Sorry, I'm not familiar with the SOL bivy, so I didn't pay attention to it. If it's not breathable, it is a vapor barrier and definitely should be inside your insulation, not outside. JustWalking is correct here; the bivy, when used outside your quilt, traps your body moisture (technically known as "insensible perspiration") in your quilt insulation! That, not just falling temperature, undoubtedly explains why you were getting cold by morning--your down insulation was getting damp and losing its effectiveness!
I've had this happen even using a breathable bivy, mostly because my tossing and turning made the waterproof underside of the bivy end up on top, achieving the same effect! Even when this didn't happen, I found that even the breathable nylon on top retarded some of the evaporation from the sleeping bag.
If you wear additional insulation inside your sleeping bag, such as a jacket, it needs to be outside the SOL bivy or other vapor barrier for the same reason. The only thing inside the bivy or other vapor barrier should be your wicking base layer, which will dry really fast--almost instantly--from your body heat after you arise and start moving around.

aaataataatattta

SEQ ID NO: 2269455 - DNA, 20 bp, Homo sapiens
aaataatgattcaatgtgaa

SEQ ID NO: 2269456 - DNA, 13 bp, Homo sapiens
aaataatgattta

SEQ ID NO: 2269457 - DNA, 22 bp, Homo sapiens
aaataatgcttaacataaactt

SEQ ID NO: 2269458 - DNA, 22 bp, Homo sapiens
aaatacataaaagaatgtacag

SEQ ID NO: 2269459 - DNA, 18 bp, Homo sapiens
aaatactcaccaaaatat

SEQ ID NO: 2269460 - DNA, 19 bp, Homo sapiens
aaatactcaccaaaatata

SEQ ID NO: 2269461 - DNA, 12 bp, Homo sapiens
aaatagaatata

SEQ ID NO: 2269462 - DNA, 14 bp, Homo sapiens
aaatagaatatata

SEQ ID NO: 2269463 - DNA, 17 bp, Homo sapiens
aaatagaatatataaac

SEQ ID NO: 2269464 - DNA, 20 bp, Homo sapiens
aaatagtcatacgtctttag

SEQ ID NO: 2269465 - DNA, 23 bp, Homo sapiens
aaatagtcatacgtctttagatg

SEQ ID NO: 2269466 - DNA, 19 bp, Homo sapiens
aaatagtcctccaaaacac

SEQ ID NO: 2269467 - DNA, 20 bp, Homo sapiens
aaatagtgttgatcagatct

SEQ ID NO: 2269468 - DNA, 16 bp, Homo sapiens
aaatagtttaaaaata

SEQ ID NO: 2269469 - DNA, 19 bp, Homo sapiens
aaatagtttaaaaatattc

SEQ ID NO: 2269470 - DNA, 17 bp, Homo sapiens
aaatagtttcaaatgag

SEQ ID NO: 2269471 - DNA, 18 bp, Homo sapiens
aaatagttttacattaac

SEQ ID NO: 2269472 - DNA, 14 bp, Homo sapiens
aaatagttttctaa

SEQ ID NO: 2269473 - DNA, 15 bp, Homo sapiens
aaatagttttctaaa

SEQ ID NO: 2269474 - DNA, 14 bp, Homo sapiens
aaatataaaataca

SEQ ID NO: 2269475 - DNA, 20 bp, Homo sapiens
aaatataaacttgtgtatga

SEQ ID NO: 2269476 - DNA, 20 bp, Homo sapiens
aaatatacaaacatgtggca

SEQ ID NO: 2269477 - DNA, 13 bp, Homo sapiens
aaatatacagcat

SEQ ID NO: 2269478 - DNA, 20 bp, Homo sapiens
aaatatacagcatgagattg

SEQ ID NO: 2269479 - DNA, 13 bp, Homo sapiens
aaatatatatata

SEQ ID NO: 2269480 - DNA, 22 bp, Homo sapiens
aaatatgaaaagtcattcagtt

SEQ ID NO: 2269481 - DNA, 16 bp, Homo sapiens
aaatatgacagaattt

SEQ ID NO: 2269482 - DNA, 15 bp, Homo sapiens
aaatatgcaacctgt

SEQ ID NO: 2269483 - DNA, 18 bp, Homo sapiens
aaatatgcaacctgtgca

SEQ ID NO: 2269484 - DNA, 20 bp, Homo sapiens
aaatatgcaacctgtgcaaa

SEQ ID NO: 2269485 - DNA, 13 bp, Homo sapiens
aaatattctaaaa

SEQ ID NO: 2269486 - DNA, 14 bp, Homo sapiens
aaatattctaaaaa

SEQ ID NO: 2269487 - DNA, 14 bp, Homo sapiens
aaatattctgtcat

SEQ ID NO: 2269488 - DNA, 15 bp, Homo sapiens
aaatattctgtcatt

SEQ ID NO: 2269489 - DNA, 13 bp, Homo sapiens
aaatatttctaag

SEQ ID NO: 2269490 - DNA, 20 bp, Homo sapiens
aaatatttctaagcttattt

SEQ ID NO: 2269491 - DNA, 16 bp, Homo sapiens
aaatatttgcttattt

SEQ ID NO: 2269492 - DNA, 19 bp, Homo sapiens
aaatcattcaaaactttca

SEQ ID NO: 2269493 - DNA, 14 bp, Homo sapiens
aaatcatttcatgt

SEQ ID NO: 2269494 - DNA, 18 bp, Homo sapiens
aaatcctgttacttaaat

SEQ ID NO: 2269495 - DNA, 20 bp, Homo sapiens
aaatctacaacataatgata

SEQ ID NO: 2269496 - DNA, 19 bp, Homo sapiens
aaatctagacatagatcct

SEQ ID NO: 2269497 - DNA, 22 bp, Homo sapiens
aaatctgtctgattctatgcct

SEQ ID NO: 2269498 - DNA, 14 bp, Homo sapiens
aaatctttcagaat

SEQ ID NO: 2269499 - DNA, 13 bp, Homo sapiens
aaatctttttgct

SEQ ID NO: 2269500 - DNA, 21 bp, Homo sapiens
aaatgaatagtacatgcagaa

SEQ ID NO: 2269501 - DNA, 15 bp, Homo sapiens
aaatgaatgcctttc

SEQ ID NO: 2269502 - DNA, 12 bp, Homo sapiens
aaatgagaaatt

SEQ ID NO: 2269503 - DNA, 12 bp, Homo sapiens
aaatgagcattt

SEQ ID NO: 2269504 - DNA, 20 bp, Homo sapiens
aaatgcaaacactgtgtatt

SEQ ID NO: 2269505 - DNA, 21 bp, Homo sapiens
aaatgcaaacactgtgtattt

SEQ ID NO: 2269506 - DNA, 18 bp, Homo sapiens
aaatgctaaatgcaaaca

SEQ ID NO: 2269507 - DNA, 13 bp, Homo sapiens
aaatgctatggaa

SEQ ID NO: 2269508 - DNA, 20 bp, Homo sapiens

Most people are uncomfortable in a vapor barrier in temperatures above freezing. I'd therefore leave the SOL thing off altogether until the temps get frosty! Then use it under the quilt.
Try that simple fix before you spend more $$$ on another (and heavier) quilt or a sleeping bag!
Edited by OregonMouse (06/20/17 02:25 PM)
May your trails be crooked, winding, lonesome, dangerous, leading to the most amazing view--E. Abbey